FinCEN recently flexed its enforcement muscles by bringing criminal charges against a New Orleans man for failing to register his money transmitting business.
Money Transmitting Business
The U.S. Treasury Financial Crimes Enforcement Network has jurisdiction under the Bank Secrecy Act to fight money laundering. Under that authority, FinCEN has adopted regulations that prohibit persons from engaging in a “money transmitting business” without a license from FinCEN.
Recently, FinCEN exercised its enforcement power by indicting a New Orleans man for failing to register his money transmitting business. Prosecutors indicted Michael Yusko, III under 18 U.S.C. 1960 with operating an unlicensed money transmitting business.
According to court documents, Yusko was the owner and manager of Nervous Light Capital LLC. He used Nervous Light Capital and various bank accounts to sell Bitcoin and other cryptocurrencies to customers. Yusko did not register any of these companies with FinCEN as money transmitting businesses. Accordingly, YUSKO could receive up to five years in prison, a $250,000 fine and other sanctions if convicted.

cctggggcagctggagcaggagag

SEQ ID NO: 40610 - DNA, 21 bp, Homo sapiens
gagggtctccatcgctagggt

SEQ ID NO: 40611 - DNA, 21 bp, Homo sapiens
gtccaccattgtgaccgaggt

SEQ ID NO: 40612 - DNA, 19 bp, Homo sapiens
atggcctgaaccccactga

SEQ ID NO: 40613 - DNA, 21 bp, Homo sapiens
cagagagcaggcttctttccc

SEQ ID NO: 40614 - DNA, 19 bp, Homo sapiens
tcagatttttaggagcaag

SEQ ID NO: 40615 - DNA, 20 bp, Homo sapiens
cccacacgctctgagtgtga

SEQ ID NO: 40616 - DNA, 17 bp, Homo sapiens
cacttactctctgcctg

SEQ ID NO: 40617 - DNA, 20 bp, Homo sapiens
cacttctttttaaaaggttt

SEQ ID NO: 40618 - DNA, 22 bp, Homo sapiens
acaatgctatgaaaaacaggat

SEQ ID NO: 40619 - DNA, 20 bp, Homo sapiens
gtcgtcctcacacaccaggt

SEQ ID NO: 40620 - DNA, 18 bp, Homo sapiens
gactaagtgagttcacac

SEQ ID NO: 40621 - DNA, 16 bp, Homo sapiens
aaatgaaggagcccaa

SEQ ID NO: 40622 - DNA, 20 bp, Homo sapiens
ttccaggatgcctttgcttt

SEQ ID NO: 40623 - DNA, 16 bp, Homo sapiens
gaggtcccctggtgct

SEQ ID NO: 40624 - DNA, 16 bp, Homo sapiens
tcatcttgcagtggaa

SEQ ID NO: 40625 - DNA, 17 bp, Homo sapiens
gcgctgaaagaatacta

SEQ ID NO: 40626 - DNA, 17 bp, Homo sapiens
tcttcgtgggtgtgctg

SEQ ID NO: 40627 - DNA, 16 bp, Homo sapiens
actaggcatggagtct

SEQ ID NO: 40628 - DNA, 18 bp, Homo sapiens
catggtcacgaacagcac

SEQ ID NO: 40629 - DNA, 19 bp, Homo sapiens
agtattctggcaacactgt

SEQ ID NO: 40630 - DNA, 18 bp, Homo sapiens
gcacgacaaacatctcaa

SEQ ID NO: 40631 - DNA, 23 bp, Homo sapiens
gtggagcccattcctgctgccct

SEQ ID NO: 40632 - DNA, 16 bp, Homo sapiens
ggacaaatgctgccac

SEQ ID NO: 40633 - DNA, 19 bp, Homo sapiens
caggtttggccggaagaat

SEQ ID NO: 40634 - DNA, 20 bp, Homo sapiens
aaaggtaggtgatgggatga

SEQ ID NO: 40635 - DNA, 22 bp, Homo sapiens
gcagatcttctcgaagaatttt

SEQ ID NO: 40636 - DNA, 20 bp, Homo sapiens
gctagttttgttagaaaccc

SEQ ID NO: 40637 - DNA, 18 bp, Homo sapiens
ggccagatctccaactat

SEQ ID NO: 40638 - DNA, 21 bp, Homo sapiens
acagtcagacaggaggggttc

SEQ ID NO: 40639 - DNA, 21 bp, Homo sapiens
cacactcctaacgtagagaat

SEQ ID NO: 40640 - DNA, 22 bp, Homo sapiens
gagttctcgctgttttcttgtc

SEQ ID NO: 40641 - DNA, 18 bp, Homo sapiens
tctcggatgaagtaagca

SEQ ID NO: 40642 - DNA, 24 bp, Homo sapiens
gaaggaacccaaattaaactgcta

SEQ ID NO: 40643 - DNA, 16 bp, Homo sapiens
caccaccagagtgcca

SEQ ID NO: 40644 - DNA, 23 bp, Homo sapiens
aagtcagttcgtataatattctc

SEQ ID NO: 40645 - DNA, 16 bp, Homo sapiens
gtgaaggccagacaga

FinCEN’s regulations define any business that engages in “the acceptance of currency, funds, or other value that substitutes for currency from one person and the transmission [those same instruments] . . . to another location or person by any means” as a “money transmitting business”. As an example, a business that trades fiat currency (like U.S. dollars) for cryptocurrency (like Bitcoin, Litecoin, and Ethereum) would fall within this definition.
Consequently, Yusko’s operations should have been registered as a money transmitting business.
A Warning for Entrepreneurs
This prosecution underscores the risks to entrepreneurs who develop business plans based on transactions in Bitcoin and other cryptocurrencies. FinCEN is acutely aware of the risk that cryptocurrency creates for money laundering and other criminal activities. As a result, FinCEN uses its regulatory authority to require every money transmitting business to register with FinCEN. By publicizing this prosecution, FinCEN is notifying entrepreneurs that they should takes its regulatory requirements seriously.